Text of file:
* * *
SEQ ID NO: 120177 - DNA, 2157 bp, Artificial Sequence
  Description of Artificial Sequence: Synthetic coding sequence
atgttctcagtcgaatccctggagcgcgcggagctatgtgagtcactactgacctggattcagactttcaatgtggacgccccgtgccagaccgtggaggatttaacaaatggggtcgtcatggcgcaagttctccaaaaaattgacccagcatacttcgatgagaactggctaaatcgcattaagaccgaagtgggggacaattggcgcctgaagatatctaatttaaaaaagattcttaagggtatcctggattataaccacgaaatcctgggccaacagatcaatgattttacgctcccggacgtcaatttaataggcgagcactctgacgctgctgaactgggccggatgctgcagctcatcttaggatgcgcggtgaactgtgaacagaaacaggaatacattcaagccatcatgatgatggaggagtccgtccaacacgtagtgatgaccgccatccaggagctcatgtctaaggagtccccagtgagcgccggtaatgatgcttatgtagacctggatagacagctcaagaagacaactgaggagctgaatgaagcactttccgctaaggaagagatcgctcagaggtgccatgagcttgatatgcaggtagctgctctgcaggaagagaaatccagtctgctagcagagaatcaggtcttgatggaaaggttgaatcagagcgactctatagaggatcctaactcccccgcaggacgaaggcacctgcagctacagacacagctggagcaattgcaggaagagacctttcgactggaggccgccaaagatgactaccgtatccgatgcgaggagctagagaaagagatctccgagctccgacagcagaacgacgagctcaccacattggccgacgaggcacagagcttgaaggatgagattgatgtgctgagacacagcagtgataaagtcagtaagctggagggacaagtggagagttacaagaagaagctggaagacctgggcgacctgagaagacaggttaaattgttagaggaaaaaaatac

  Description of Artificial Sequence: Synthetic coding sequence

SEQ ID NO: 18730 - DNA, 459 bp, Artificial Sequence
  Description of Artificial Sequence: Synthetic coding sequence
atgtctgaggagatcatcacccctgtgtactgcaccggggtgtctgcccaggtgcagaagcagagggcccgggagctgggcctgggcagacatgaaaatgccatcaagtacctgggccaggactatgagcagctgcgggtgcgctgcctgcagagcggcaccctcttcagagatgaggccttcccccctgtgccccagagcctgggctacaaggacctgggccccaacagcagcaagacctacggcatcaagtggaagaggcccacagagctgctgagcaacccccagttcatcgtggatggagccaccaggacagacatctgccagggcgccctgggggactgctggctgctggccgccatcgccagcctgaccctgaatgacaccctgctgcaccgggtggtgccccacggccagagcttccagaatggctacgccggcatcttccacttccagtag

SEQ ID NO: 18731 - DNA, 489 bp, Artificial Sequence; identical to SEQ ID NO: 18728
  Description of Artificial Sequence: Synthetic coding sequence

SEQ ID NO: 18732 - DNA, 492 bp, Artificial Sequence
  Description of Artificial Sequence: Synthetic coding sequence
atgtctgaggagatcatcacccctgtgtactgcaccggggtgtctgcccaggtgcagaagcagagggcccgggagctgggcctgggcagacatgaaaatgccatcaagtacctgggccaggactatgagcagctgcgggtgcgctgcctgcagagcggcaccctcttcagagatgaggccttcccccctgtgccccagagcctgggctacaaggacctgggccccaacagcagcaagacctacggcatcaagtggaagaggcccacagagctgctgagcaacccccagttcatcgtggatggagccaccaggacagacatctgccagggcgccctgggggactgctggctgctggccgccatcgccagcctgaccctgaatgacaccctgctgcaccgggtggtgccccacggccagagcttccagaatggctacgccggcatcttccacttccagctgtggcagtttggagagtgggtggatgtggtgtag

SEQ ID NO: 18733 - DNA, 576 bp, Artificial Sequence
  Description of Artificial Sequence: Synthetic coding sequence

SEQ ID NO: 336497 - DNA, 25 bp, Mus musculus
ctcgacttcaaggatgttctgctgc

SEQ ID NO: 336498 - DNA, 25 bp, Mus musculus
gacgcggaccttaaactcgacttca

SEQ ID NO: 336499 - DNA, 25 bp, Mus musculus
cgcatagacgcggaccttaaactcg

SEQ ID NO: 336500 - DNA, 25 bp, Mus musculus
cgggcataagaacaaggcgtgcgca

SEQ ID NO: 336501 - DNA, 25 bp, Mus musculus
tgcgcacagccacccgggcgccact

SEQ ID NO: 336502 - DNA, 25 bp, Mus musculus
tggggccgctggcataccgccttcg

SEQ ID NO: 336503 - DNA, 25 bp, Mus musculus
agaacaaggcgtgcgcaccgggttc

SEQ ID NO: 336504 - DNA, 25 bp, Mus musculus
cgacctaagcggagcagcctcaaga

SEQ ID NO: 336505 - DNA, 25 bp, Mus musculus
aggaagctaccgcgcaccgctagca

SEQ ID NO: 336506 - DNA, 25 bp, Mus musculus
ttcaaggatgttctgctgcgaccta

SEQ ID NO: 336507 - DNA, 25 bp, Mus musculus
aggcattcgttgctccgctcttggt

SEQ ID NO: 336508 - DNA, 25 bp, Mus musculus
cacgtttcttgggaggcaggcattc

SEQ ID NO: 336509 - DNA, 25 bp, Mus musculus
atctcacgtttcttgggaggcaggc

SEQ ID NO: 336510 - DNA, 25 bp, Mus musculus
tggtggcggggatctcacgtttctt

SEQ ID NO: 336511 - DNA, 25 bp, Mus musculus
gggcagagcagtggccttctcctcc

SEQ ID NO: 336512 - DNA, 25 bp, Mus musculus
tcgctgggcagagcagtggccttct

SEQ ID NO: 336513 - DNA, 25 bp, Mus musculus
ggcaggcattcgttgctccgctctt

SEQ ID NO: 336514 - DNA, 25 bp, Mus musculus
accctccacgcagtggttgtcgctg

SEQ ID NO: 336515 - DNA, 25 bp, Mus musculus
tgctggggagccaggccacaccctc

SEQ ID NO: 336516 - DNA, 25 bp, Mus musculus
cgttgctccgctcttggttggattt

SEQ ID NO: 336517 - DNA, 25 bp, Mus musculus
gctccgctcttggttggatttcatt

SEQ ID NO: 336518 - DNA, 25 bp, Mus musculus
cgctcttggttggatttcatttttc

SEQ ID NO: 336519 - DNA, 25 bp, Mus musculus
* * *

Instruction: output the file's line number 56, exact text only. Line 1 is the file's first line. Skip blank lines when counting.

gctccgctcttggttggatttcatt